Posted in conferences

Just after SeeTest conference in Sofia

@Kingatest

Hi Guys!

It’s been an intense time for me recently.

My very fist testing conference abroad. My very first testing conference abroad with me as a speaker 🙂 And – again – speaking in English (which is obviously not my first language) in a country that I have never been before. Sounds exciting, isn’t it?

Where are we?

Bulgaria -> Sofia -> Hotel -> original conference rooms with sparkling crystal chandeliers(!!!!)

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I was very looking forward to the conference and was not disappointed in the end. I have to admit, that the organizers did a really good job, both – speakers and attendees – felt comfortable and were provided with any necessary piece of information. Props for that!

Bulgarian coffee is really black and strong though – I don;t know how they prepare this …. anyway 🙂

The spot was tremendous – really.

You would probably like to know how it was. Let’s do pros and cons then.

Pros first:

  • awesome tutorial sessions
  • great mixture of ideas
  • people from several countries discussing testing
  • different point of views

For me, the most inspiring thing within the hole conference, was a tutorial session run by Maaret Pyhäjärvi – Exploratory testing explained and experienced. OMG – it was so good. I’ve learned much about teamwork and exploratory, that I’m about to start a revolution since Monday (prepare yourselves, team!).
At the beginning of the class people seemed shy, but after couple of exercises everybody got open and share their ideas about exploratory testing.
Maaret did a keynote session on the next day, which was inspiring as well. We’ve learned a lot about Making team awesome during that session. For example – how to improve your value for the organisation you’re working in – and for your team at the same time.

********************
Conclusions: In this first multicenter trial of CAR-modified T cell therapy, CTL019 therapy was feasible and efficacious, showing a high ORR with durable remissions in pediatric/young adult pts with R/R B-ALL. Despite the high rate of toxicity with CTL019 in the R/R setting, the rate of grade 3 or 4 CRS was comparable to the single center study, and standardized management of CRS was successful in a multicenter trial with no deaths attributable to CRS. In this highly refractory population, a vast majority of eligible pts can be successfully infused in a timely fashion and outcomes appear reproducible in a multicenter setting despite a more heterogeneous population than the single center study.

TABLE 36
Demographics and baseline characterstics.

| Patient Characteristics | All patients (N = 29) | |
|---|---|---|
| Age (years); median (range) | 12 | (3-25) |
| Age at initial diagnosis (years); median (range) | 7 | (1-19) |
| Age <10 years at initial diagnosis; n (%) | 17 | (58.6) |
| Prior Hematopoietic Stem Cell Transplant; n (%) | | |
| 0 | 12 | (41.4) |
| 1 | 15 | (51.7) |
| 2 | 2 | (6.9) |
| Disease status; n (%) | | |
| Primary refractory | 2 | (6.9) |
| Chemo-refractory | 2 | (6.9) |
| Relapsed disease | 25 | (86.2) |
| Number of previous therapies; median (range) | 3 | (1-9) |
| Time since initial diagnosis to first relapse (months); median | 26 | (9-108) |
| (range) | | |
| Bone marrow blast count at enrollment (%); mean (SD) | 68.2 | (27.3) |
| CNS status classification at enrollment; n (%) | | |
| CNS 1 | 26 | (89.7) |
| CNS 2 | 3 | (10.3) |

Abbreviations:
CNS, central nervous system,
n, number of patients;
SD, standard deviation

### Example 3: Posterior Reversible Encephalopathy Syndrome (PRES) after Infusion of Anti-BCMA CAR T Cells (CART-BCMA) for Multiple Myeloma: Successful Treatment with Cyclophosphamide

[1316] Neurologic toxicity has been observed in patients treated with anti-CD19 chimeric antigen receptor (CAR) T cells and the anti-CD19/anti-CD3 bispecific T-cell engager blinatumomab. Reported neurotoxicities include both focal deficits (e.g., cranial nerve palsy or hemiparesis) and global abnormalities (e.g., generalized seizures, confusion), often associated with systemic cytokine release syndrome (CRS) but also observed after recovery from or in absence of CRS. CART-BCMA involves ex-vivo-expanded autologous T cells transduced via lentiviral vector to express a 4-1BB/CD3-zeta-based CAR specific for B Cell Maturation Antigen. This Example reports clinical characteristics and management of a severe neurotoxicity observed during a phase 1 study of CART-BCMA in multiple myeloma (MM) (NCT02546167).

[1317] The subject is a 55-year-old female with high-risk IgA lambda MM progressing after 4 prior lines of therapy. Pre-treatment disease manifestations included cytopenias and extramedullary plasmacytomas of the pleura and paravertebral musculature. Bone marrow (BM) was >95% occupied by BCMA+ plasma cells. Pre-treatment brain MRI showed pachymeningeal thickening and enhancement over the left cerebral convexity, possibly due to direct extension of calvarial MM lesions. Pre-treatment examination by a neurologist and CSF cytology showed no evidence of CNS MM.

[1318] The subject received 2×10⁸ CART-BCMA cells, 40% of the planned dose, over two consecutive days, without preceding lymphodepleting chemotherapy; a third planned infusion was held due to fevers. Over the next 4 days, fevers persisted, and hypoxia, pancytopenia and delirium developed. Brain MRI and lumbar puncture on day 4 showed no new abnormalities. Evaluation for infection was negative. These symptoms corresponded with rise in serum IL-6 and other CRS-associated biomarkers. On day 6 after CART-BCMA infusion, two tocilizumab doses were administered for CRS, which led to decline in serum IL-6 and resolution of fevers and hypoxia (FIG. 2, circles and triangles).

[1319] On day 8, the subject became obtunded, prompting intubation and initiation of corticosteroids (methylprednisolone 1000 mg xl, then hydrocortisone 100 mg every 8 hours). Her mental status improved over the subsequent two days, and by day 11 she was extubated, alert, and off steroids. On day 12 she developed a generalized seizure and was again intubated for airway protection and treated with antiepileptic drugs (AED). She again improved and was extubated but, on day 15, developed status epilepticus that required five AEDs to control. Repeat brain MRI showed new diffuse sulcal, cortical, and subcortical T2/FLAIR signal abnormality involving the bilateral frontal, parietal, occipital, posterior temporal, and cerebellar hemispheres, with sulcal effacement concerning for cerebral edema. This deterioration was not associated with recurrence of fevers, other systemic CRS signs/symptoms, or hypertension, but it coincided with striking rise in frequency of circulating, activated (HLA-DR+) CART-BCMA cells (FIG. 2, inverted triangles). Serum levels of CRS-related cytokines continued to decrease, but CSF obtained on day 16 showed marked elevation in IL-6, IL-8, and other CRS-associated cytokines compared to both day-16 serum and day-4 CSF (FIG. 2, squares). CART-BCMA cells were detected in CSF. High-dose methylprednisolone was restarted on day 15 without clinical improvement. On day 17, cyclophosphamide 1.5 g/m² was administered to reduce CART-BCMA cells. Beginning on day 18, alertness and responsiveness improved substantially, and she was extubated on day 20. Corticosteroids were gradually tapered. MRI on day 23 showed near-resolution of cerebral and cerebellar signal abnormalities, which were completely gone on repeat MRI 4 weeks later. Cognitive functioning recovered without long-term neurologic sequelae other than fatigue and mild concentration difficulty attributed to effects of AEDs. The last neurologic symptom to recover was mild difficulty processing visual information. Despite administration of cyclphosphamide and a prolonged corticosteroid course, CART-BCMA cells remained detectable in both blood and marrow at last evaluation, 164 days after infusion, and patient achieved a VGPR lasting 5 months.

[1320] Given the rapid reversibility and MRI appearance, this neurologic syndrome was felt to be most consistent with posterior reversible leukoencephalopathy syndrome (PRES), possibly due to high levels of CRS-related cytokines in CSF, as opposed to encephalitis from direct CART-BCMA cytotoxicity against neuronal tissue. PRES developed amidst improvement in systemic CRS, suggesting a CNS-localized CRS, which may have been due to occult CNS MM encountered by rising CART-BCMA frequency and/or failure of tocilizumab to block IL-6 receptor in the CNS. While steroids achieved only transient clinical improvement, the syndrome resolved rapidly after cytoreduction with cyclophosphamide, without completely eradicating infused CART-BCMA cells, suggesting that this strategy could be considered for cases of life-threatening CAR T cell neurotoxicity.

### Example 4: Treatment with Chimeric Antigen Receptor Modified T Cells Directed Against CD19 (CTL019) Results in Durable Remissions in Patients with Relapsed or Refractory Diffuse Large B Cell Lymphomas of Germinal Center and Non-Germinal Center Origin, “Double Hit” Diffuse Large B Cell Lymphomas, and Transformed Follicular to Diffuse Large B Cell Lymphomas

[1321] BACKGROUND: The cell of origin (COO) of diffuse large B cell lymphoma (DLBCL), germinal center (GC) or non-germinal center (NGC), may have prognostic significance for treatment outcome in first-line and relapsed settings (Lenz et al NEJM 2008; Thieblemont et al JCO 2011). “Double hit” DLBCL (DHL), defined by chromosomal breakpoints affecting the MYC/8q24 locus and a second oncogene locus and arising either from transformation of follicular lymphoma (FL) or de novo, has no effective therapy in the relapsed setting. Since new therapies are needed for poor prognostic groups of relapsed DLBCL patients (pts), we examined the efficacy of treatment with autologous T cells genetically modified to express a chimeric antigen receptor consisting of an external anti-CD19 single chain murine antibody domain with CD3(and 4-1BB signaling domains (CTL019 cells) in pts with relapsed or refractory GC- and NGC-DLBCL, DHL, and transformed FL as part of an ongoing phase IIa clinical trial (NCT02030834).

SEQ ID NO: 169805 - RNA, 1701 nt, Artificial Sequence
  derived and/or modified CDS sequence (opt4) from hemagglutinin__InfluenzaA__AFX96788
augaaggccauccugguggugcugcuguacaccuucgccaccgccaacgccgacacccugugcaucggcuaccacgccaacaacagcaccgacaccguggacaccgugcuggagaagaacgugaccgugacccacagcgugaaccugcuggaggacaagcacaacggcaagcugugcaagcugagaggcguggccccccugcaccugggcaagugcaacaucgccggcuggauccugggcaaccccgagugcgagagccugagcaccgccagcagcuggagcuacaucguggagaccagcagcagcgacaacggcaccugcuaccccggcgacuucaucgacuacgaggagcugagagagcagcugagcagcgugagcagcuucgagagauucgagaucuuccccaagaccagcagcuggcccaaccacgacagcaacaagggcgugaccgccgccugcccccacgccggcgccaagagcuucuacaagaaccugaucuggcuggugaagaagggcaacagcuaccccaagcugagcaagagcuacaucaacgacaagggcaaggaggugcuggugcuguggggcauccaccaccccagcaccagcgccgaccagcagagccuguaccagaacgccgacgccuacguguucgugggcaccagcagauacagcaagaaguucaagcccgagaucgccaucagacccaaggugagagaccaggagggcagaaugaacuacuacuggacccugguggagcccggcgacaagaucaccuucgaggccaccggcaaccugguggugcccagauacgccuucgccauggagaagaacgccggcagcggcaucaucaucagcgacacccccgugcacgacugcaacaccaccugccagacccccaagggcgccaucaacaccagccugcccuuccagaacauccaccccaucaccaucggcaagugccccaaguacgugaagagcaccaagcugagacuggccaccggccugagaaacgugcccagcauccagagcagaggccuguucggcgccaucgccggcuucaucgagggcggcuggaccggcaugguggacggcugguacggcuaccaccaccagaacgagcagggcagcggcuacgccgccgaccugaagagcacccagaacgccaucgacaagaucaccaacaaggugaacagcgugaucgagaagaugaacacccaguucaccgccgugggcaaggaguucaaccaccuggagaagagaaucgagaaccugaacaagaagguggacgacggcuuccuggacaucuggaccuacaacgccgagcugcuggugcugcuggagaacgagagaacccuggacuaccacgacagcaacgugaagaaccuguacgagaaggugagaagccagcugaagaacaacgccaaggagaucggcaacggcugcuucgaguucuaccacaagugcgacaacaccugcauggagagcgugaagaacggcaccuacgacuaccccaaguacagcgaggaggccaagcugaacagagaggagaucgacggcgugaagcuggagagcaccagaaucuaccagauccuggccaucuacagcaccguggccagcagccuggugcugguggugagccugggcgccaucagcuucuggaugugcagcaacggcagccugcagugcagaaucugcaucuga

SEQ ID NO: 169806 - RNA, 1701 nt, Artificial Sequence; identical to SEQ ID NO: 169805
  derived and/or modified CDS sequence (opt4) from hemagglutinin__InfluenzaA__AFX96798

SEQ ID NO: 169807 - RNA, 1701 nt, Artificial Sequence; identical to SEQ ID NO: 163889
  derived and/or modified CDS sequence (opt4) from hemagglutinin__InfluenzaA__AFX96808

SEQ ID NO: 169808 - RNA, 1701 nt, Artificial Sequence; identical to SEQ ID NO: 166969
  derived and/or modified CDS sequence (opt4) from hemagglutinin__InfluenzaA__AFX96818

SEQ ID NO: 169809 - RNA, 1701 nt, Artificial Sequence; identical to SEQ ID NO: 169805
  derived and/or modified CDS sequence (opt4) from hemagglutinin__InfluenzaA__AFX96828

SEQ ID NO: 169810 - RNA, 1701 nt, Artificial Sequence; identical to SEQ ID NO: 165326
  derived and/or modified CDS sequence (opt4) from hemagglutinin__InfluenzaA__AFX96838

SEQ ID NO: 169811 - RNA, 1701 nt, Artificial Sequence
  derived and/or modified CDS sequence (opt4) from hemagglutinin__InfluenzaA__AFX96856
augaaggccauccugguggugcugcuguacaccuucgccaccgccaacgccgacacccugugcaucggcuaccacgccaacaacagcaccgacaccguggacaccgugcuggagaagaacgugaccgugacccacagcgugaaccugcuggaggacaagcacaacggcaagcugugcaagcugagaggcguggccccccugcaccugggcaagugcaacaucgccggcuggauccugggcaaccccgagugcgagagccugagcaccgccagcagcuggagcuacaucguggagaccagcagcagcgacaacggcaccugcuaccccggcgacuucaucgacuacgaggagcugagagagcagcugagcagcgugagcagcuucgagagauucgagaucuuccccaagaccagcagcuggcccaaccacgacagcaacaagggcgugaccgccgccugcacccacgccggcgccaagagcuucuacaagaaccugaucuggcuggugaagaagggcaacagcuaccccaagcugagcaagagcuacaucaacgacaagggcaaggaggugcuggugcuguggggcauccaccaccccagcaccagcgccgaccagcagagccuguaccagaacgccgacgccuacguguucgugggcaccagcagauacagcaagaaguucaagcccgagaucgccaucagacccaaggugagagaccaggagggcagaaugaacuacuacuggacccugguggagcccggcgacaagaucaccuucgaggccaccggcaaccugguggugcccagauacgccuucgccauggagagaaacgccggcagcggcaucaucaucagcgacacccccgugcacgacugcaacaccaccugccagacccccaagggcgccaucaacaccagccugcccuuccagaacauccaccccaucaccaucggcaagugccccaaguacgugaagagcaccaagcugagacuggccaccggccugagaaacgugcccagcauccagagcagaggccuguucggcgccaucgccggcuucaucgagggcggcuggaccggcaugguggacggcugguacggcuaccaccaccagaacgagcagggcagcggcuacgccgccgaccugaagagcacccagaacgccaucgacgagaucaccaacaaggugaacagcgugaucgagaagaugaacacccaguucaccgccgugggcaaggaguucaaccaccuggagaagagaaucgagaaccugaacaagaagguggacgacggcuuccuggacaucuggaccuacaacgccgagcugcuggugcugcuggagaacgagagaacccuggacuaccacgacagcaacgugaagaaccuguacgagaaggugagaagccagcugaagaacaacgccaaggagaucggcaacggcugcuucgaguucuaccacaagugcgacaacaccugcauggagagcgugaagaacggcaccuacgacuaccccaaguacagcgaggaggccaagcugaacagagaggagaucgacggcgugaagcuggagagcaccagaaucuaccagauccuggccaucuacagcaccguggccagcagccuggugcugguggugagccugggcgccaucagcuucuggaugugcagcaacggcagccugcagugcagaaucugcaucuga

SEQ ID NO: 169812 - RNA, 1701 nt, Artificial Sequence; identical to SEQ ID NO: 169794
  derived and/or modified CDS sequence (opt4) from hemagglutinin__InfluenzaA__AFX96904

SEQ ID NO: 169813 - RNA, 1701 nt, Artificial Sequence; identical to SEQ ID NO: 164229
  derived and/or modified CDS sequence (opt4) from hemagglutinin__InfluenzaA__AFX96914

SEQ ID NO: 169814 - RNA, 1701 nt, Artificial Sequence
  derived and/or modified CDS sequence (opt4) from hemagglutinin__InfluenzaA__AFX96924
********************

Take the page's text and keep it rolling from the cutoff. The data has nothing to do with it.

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I’m really happy that I had an opportunity to meet her in person.

This two-days conference was fully packed with technical, agile and exploratory sessions. It is good to hear different approaches to the same problems.

I had a chance to speak as well. I think that my session – Yes, you need time for bug fixes  -energized the audience and made them think more about scheduling their project time. We had a lot of fun (again) with my funny exercise, so I think it went well. Great energy, fantastic testers and nice comments / notes afterwards.

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Could it be any better for a newbie on an international software conference?

Unfortunately, each software conference has it’s cons as well:

  • too many sessions in a row
  • too little time for questions/discussions and leisure
  • time tracking 🙂

As I said in my session – Not to track time is a crime. It’s bad for the projects and for such events as software conference as well.
In my opinion – schedule of the conference (day 2 – sessions) was so filled with sessions, that it was hardly possible to even notice what’s next. There were no brakes between some of the sessions – so we ended up with delays or speakers getting upset about their session times. It was also tiring – at the end attendees felt a bit overwhelmed with the amount of sessions.

It was inspiring

Having a chance to attend this event was extremely beneficial for me as a speaker and as a software tester. I find it very useful to talk to people from different countries – struggling the same problems as you do on their daily basis. It gives you an impression that software industry is nowadays a one living organism.

Additionally, it was also a unique opportunity to meet people that I know from Twitter in person. It was really fun!

I hope to meet at least some of you soon!

Cheers 🙂

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Posted in agile, conferences

Wrocław – the meeting place

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Last week I had a chance to participate in two fantastic events in Wrocław. There is a lot going on in here. My beloved city is a fantastic spot to meet people, exchange ideas and get more involved in testers’ community.

Apart from Wrotqa – we have quite fresh meetup for testers run by DataArt company.
I had a chance to speak at that event. Great energy, warm welcoming and breathtaking view from the window:) You should definitely attend their next events.

Wrocław Agile Day

Yesterday there was an amazing event for agile-maniacs 🙂 New Voice Media organized Wrocław Agile Day. Apart from the spot and atmosphere – it was an unique opportunity to take par in workshops run by experienced agile coaches – such as Helen Lisowski or Will Jacobs.

It seems that real agility is more and more visible in software development. 🙂